Twitterific, Twinkle, Twittelator. What do all of these share in common (besides ridiculous names)? They are all Twitter-based native applications that reside on my iPhone. Do I need all three? Actually, I don’t need any of them — at least not anymore. Why? Because I’ve finally found one I actually like: Tweetsville.
The problem with all of those other Twitter apps is that they failed to capture the spirit of Twitter. Twitter is a service that allows you to send 140 character messages to other people. At its core, that’s all it is. All of the previous Twitter apps were trying to do too much. Accordingly, most were ugly, some were cluttered and all were pretty slow.
But Tweetsville is different. It keeps it simple, and better yet, it does so while looking like it belongs on an iPhone. Usage is logical; clicking on a tweet (Twitter message) brings up a page for the user where you can easily send a reply, send a private message, toggle the message as a favorite or view a profile. It may sound obvious, but the other clients all made basic functions much more difficult than they needed to be.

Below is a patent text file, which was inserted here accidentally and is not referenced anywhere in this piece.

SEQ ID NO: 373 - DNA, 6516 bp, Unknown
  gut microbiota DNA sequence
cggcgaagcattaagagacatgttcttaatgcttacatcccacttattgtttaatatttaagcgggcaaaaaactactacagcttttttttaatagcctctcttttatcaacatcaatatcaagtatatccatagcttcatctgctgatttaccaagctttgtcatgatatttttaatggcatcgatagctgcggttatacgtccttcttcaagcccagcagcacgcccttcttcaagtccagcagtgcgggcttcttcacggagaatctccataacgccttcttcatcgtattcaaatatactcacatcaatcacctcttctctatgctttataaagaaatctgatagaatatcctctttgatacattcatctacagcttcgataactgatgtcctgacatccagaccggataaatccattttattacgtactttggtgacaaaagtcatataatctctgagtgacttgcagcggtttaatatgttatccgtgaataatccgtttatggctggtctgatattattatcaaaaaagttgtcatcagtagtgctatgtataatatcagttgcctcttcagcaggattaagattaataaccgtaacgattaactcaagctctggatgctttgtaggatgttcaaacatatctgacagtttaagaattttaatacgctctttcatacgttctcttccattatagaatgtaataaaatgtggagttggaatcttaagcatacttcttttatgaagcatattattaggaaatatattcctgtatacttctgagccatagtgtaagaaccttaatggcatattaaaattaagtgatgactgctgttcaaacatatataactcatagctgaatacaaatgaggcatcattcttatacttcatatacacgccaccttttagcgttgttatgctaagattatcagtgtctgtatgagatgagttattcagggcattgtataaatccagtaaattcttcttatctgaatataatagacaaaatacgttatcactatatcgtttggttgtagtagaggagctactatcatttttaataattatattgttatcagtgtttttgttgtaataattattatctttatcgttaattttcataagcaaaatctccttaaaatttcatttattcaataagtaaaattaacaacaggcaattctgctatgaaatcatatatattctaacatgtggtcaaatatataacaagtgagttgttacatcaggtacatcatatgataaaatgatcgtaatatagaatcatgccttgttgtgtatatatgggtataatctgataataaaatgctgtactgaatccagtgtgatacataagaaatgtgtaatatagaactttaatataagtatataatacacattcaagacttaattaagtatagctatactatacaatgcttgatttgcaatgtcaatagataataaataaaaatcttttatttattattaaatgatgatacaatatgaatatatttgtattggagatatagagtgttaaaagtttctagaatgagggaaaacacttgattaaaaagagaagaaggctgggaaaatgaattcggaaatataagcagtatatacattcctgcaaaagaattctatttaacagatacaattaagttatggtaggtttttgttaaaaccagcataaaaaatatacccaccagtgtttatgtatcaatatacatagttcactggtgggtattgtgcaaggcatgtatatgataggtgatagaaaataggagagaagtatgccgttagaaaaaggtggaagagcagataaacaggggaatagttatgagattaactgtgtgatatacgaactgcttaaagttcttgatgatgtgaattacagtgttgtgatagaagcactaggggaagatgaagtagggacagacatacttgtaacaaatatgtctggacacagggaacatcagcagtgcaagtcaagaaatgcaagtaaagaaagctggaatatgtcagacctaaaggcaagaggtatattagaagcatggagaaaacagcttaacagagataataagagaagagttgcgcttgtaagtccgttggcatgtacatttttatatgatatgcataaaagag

And it’s not like Tweetsville is lacking in other options either. There is an area devoted to hot trends on Twitter — that is, what words people are tweeting a lot. Clicking on a word shows you who is sending tweets about it most recently.
Tweetsville also has a robust search feature. Beyond basic word searches, going into the “Advanced” menu allows you to search for things like specific phrases, hashtags, places, dates and a wide range of other options. It’s actually more advanced than Twitter Search itself.
The only real critique I have is that Tweetsville should move the “@ Replies” area (to see who has publicly written a message to you) to the main bottom menu area. Right now, it resides in the “More” area.
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And for those who use the other clients because they allow you to easily attach pictures to a tweet, Tweetsville allows for this too.
The interesting thing about Tweetsville is that it’s made by Tapulous — the same company that also makes Twinkle. It’s because Tweetsville started out as an independent project by developer Ed Voas before Tapulous took it under its wing, chief executive Bart Decrem tells TechCrunch.
One thing that may irk some users is that while Twinkle is free, Tweetsville costs $3.99. That may seem a bit high for an app that is just a Twitter client, but if you use Twitter a lot, believe me, it’s worth it.
Update: As commenter RyanSylvestre notes below, you can actually change which button are in the menu bar by clicking on the “Edit” button in the “More” area. Brilliant.
You can find me on Twitter here along with fellow VentureBeat writers Eric Eldon, Dean Takahashi, Anthony Ha, Chris Morrison and Dan Kaplan. Oh, and we have a VentureBeat account (for our posts) as well.
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